Think of it this way. Everyone involved in a negotiation of any sort, has their own concept of what the next steps should be. If I offer “x” then the other party should be expected to respond somewhere in the vicinity of “y”.
Take it down to the most simple level…the Saturday Afternoon Garage Sale. A sweet, vintage JVC “boombox” is being offered for $25. That $25 price is essentially an offer from the Seller to the world at large. The Seller, having thought and contemplated, determined that the Buyer would be willing to pay at or near that amount.
Up rolls the Buyer and they’re ready to deal. With their eyes locked on that majestic music maker, they instantly have their own price in mind. They think “is the Seller’s offer a reasonable one or not”.
One of 4 things will likely happen next:
1. The price for that JVC is so grossly out of whack with reality that they walk right past and move onto those sweet 195 Rossignol downhill skis from the early 80s.
2. The price is high but they’re willing to offer anyways…they want that JVC beauty and they’re going to get it. Let the back and forth begin.
3. $25 seems to be fair market value in the Buyer’s opinion (or close to it). They want that glorious ghetto blaster but would still like to do some type of negotiating even if the mission is to save just a buck or two.
4. That, my good sir, is quite the deal. I’ll take it. Deal is done at $25.
Let’s look briefly at these 4 scenarios:
1. The issue with this is that the Seller and Buyer are not even given the chance to get to the negotiating table because of one reason: price. It is near impossible to know how often this happens too but for sure, as a Seller, you will be missing out on opportunities.
2. This happens but not as often Sellers like. Quite often the Buyer will lean towards category #1 and keep moving. As a Seller in this scenario, you are really hoping supply & demand will help you find that motivated Buyer.
3. This is the most common scenario provided all things are reasonable and balanced. The benefit of finding that pricing sweet spot will put you in this group which will help put your unwanted JVC in someone else’s house and get you fair market value in return.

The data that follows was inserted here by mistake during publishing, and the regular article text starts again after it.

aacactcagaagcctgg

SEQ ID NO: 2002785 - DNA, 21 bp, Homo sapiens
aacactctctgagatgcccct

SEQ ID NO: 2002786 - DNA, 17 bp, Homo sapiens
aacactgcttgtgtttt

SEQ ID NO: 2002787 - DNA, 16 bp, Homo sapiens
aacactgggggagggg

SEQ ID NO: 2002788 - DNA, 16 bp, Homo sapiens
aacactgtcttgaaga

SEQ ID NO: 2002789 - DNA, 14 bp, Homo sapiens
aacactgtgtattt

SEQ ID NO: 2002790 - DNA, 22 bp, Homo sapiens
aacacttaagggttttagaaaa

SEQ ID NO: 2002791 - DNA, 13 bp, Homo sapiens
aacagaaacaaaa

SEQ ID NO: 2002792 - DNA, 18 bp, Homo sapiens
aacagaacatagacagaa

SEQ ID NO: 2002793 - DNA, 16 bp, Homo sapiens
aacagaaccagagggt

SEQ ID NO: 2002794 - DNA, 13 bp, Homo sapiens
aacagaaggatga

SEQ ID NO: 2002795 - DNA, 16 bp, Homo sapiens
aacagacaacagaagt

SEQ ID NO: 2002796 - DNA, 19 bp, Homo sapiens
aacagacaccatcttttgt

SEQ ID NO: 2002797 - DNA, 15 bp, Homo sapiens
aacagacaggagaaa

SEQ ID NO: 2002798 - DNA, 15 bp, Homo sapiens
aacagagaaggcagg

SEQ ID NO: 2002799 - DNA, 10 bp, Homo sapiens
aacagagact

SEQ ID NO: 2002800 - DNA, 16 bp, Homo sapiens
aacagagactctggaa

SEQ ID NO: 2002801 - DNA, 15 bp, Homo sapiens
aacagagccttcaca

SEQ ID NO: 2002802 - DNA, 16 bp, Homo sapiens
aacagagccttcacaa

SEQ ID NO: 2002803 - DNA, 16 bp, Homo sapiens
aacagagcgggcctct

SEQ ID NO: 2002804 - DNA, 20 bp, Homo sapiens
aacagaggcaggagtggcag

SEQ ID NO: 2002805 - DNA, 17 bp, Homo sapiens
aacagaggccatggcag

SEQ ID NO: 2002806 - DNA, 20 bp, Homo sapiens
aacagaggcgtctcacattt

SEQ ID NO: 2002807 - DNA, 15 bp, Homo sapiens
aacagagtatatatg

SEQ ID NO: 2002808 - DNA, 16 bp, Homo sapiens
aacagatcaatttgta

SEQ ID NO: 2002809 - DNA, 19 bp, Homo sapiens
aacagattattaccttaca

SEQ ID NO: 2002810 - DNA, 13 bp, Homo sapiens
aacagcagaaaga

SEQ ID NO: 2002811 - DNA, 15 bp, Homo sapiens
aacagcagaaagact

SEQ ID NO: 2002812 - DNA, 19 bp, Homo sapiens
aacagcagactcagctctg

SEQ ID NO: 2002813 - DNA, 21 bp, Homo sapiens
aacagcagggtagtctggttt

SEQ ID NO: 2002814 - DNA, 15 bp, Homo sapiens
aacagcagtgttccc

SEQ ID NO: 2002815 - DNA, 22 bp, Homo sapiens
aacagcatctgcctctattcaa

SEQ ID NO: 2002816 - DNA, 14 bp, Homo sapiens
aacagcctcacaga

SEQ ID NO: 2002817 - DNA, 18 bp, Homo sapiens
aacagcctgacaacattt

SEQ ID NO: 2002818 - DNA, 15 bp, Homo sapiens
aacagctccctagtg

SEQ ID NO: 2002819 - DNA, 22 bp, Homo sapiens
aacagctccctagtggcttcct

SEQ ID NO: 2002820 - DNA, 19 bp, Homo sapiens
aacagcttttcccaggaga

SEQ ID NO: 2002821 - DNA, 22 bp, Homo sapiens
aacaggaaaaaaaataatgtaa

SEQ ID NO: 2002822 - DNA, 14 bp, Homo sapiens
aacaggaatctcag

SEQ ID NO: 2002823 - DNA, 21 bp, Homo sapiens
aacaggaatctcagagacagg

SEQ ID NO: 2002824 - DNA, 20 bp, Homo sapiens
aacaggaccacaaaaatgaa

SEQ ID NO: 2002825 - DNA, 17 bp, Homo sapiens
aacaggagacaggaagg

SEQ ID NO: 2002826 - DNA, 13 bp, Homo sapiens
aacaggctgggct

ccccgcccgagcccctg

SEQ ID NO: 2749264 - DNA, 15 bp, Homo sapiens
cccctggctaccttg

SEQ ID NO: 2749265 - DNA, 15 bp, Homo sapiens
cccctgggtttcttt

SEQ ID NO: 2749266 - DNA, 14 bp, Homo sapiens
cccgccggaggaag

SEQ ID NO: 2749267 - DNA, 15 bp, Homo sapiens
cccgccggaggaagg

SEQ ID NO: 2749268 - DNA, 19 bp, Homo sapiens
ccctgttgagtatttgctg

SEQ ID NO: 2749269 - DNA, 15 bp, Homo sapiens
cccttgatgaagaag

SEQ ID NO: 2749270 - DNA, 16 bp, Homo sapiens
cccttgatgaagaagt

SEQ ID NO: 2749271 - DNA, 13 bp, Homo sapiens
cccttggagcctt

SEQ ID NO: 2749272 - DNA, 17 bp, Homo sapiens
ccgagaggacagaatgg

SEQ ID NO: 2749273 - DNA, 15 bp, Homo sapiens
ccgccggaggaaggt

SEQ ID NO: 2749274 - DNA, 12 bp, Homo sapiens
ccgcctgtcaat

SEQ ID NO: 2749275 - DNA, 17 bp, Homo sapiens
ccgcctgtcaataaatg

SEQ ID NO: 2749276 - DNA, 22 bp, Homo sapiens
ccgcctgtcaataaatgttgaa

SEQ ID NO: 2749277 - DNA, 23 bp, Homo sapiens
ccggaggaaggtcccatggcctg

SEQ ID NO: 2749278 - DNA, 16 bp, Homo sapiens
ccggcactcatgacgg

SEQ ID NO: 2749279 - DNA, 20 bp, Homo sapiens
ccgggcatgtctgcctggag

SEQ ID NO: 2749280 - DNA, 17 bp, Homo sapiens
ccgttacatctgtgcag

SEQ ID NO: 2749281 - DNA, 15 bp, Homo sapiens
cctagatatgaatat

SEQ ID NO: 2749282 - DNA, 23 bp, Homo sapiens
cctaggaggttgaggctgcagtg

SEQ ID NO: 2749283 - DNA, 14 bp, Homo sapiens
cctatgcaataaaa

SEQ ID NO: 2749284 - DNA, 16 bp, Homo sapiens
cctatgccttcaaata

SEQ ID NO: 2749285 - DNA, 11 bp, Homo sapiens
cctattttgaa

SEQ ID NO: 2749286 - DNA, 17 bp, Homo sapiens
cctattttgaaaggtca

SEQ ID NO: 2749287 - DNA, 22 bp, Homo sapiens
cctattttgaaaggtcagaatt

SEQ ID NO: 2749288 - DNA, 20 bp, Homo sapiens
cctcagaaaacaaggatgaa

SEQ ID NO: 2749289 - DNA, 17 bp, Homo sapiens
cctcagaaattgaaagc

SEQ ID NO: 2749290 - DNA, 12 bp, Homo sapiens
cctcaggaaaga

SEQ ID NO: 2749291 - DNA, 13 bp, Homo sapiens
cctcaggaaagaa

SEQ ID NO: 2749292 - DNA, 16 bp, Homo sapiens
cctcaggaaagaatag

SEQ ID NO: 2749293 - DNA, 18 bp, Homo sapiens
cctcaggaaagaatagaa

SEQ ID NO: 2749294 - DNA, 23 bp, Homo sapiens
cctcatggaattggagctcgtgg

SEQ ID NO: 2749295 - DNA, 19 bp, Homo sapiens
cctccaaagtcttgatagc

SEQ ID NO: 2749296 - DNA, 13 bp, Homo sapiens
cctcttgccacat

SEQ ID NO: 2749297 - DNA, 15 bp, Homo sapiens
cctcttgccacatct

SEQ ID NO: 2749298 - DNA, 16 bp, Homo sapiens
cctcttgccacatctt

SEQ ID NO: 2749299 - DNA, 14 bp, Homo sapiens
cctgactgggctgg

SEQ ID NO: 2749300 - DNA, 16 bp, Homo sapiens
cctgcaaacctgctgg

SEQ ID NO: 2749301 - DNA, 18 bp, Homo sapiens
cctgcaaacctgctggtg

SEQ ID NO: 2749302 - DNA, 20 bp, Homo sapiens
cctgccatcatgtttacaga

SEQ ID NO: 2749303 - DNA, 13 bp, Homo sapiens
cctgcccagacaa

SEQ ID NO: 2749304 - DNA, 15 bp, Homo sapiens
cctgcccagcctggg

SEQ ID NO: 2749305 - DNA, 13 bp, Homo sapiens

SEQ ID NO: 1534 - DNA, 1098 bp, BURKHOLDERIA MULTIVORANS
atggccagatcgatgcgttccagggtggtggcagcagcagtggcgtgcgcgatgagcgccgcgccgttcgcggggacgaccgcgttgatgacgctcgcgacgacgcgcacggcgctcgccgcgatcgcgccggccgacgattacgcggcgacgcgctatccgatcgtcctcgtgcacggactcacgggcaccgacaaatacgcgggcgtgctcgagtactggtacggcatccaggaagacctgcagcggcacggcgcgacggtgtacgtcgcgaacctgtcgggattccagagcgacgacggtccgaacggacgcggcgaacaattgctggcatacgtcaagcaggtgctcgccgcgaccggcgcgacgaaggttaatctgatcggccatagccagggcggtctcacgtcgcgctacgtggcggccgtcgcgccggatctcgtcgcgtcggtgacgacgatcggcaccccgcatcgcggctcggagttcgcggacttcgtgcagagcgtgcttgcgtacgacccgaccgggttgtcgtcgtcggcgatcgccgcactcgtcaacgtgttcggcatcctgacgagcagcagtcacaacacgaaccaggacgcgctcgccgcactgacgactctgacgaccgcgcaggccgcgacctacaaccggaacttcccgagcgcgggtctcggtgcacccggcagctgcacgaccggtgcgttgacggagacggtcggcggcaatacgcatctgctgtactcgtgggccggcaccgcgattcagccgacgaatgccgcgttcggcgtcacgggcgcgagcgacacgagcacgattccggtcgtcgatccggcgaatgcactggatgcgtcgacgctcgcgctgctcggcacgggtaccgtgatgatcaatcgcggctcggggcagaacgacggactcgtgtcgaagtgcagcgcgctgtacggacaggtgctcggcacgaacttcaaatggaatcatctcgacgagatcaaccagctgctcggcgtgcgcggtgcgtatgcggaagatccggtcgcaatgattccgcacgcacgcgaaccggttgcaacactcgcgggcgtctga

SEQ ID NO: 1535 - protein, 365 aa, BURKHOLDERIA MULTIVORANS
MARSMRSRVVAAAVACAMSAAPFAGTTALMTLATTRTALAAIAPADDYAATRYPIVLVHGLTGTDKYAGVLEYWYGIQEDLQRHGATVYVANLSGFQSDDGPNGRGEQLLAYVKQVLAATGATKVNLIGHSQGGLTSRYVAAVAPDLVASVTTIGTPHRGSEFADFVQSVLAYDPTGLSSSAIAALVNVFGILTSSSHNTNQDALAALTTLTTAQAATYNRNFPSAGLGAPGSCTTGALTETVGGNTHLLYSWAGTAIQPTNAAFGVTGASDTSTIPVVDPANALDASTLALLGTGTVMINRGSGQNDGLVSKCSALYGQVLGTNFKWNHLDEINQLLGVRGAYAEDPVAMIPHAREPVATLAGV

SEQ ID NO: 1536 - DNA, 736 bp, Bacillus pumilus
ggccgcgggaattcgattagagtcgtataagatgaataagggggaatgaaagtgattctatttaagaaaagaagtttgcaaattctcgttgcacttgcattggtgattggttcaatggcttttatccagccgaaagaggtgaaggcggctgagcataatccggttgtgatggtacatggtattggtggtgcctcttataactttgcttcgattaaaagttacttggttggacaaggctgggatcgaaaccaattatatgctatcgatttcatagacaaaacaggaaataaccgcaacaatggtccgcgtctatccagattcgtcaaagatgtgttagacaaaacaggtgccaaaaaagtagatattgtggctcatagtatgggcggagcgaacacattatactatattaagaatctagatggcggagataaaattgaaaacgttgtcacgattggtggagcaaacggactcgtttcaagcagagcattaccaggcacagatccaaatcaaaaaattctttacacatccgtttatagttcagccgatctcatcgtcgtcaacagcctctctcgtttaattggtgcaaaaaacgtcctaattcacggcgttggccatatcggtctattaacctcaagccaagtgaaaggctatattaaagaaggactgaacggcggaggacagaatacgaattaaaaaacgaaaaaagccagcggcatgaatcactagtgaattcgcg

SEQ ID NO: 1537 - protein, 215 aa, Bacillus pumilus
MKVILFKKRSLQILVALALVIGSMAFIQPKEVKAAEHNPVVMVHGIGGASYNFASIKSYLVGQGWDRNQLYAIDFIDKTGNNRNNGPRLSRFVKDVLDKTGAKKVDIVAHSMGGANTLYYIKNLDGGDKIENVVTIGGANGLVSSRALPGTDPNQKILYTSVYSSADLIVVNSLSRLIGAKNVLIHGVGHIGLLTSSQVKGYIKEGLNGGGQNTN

4. Awesome. Case closed.
Now, take this to the house selling scenario and the same 4 situations will happen. The fair market value of a house seems to be $250,000. Those 4 scenarios would then be:
1. List price of $289,900. This will only help your competition sell, which will be listed in the $255 to 265,000 range. They’ll love you for it. Eventually, provided the motivation to sell remains, the seller reduces. Then reduces again, And again. Eventually (and hopefully) they get their fair market value.
2. List price of $275,000. Close, but not close enough. Some times an offer comes in despite the over-pricing. Remember, the Seller’s asking price is their offer to the general public. The Buyer wants the house so they offer $250,000. The Seller signs back at $273,000. The Buyer almost invariably moves on to door #2.
3. List price of $260,000. The Buyer sees it, can rationalize and give the big order…draw up the papers. Let’s make an offer! The back and forth begins and the house sells for $252,500.
4. List price of $255,000. The Buyer doesn’t want to mess around. They’ve missed out on 2 others before. Or they’re negotiating style is ‘lets get this done’. They draw up the offer at $252,500. The Sellers accept. Done deal, case closed.
So, what is the best route to go? Well, that’s the part where we come in. Establish a price. Determine who the likely buyer is. Determine how best to reach them. Plan, prepare and start on the right foot. Then get ready to say goodbye to that JVC!
To discuss your home or the real estate market in general, feel free to contact us at anytime.
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